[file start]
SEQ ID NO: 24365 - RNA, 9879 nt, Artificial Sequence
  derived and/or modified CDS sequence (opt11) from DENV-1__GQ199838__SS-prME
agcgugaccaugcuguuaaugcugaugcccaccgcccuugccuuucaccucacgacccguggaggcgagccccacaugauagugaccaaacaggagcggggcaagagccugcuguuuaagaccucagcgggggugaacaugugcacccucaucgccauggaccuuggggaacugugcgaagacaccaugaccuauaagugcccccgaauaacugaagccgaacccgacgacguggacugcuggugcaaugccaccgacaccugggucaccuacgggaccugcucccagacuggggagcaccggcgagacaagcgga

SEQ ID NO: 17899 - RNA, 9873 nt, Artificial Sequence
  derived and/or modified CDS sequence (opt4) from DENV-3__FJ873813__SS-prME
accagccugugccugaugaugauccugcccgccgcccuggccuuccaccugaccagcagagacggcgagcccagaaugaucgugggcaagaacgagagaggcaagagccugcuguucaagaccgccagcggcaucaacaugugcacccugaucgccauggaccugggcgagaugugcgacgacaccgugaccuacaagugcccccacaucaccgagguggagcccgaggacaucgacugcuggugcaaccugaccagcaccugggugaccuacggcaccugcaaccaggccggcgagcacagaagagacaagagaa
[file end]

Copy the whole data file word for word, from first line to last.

SEQ ID NO: 24365 - RNA, 9879 nt, Artificial Sequence
  derived and/or modified CDS sequence (opt11) from DENV-1__GQ199838__SS-prME
agcgugaccaugcuguuaaugcugaugcccaccgcccuugccuuucaccucacgacccguggaggcgagccccacaugauagugaccaaacaggagcggggcaagagccugcuguuuaagaccucagcgggggugaacaugugcacccucaucgccauggaccuuggggaacugugcgaagacaccaugaccuauaagugcccccgaauaacugaagccgaacccgacgacguggacugcuggugcaaugccaccgacaccugggucaccuacgggaccugcucccagacuggggagcaccggcgagacaagcgga

SEQ ID NO: 17899 - RNA, 9873 nt, Artificial Sequence
  derived and/or modified CDS sequence (opt4) from DENV-3__FJ873813__SS-prME
accagccugugccugaugaugauccugcccgccgcccuggccuuccaccugaccagcagagacggcgagcccagaaugaucgugggcaagaacgagagaggcaagagccugcuguucaagaccgccagcggcaucaacaugugcacccugaucgccauggaccugggcgagaugugcgacgacaccgugaccuacaagugcccccacaucaccgagguggagcccgaggacaucgacugcuggugcaaccugaccagcaccugggugaccuacggcaccugcaaccaggccggcgagcacagaagagacaagagaa